Before the chefs get to serve their meals, they’re hit with a twist: They each have to make a passed appetizer using a classic New Orleans protein. The options: Redfish, crab or (gulp!) alligator. Whoever gets the baby in the King Cake gets to pick the protein, and assign ingredients to the other chefs. Hosea wins it, and he takes redfish for himself. Of course, he assigns alligator to Stefan. Well, duh — wouldn’t you?

Things get dicey in the kitchen as Hosea and Stefan jockey for ingredients. Somehow, Hosea manages to walk off with all the fois gras and all the caviar. Nice. Stefan complains, but Hosea is unrepentant. It seems like a cheap trick to me…

All three passed apps go over well — Hosea’s redfish medallions on corn cakes with remoulade are gorgeous and delicate, Stefan’s alligator soup impresses, and Carla’s shiso soup with blue crab wows the guests. We’ll call it a draw.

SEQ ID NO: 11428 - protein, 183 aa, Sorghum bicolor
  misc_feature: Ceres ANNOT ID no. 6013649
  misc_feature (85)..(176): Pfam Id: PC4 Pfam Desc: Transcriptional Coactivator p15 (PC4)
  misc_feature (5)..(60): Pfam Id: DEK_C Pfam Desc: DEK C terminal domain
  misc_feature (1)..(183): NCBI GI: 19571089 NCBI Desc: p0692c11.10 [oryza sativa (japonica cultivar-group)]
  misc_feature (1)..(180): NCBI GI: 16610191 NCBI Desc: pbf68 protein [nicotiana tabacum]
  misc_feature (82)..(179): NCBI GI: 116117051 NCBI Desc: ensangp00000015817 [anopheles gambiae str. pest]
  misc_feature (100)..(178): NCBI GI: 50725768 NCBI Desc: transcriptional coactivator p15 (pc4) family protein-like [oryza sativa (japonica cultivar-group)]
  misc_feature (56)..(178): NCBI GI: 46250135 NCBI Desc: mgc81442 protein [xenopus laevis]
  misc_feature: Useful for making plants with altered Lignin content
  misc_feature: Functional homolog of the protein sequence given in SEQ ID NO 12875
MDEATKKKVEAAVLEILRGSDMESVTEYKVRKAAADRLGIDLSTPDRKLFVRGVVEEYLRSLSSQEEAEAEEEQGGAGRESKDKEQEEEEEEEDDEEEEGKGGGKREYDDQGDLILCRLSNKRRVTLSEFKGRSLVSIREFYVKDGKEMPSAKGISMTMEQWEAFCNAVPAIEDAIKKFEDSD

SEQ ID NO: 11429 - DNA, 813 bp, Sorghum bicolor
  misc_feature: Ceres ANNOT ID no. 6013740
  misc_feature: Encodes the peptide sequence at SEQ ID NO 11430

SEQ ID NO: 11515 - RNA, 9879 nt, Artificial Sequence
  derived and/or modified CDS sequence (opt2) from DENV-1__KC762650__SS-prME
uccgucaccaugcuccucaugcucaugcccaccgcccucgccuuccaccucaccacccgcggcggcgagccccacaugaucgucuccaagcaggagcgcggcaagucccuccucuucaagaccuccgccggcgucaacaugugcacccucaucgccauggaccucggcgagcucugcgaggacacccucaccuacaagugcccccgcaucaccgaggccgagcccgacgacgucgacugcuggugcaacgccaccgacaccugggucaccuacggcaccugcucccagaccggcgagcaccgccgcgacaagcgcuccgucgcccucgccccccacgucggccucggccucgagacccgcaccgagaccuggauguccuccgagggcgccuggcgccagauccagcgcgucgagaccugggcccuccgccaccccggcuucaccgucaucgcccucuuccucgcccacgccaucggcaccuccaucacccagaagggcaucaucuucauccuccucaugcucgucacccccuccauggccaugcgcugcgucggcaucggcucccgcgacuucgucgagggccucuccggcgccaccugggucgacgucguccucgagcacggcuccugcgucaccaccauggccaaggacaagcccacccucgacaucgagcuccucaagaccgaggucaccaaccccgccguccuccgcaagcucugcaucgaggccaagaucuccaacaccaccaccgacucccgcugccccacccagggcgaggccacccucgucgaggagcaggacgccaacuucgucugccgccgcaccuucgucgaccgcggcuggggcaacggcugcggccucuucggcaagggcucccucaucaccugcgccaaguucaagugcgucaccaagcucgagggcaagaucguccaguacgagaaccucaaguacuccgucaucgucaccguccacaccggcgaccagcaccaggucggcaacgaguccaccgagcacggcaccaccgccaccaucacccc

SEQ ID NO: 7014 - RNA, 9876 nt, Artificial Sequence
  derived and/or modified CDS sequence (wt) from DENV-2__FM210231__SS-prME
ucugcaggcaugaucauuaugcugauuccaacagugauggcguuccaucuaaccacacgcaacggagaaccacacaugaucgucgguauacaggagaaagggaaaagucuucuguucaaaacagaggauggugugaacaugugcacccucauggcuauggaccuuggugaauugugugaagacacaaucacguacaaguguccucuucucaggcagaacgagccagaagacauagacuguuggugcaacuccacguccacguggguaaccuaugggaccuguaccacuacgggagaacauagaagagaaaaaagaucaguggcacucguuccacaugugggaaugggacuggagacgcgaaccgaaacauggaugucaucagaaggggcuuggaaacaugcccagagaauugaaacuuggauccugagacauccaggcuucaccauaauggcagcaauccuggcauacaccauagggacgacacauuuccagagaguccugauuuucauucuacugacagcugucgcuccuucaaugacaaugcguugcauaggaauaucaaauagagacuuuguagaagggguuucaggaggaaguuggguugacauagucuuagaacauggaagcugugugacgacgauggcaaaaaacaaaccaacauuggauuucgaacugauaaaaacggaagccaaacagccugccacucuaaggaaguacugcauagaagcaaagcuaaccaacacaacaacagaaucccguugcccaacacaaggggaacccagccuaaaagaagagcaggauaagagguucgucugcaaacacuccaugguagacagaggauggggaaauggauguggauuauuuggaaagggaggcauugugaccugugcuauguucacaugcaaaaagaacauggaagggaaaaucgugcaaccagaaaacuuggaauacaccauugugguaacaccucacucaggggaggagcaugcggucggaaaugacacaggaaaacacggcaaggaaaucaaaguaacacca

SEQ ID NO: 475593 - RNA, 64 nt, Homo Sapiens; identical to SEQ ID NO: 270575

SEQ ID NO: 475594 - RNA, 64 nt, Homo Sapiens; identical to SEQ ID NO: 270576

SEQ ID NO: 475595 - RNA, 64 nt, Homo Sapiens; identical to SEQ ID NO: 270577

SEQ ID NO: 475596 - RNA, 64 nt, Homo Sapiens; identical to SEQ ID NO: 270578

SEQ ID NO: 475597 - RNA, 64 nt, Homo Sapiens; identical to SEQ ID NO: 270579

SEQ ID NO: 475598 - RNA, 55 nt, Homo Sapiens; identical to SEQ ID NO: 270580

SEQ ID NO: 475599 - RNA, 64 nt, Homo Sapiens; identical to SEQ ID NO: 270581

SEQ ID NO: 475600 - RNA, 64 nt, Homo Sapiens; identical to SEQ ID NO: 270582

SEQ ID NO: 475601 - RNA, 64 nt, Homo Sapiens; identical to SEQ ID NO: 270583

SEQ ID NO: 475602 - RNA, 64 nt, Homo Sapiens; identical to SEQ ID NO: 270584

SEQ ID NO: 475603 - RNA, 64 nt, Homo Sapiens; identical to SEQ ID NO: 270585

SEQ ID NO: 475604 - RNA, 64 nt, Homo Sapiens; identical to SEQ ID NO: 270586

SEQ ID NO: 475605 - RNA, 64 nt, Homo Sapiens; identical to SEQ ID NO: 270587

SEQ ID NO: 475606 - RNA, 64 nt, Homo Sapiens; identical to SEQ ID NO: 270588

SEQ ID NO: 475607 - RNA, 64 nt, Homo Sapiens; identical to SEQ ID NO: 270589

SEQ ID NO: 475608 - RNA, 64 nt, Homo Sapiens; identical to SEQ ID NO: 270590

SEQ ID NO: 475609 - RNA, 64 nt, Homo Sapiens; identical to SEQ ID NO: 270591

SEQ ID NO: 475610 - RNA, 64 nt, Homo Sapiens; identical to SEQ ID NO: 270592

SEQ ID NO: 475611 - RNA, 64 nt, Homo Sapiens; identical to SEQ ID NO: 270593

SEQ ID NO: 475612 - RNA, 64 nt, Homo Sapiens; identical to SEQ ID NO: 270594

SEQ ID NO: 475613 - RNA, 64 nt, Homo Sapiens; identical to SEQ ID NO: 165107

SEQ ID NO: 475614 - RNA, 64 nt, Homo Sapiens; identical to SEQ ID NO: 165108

Carla wins the first course — her bouillabaisse is perfect, flavorful and full of personality.  Hosea’s trio of sashimi looks gorgeous, but the taste didn’t live up to the appearance. And Stefan’s fish carpaccio, which entailed him freezing fresh fish so he could shave it into delicate sheets,  turned water as it thawed.

Course two goes to Stefan: His squab is utterly delicious and possibly the best dish of the night. It’s completely in keeping with his skills, his history and his personality. Hosea’s scallops and fois gras over pain perdu is almost as big a hit — Gail adores the pain perdu, and the rest of the judges agree that it’s a fantastic presentation. The one dissenting voice is Rocco, who is bored with fois gras. Nice problem to have, buddy… Carla, alas, screws herself — the steak is tough, and it is devoid of her personality and her love. This isn’t her food, it’s Casey’s.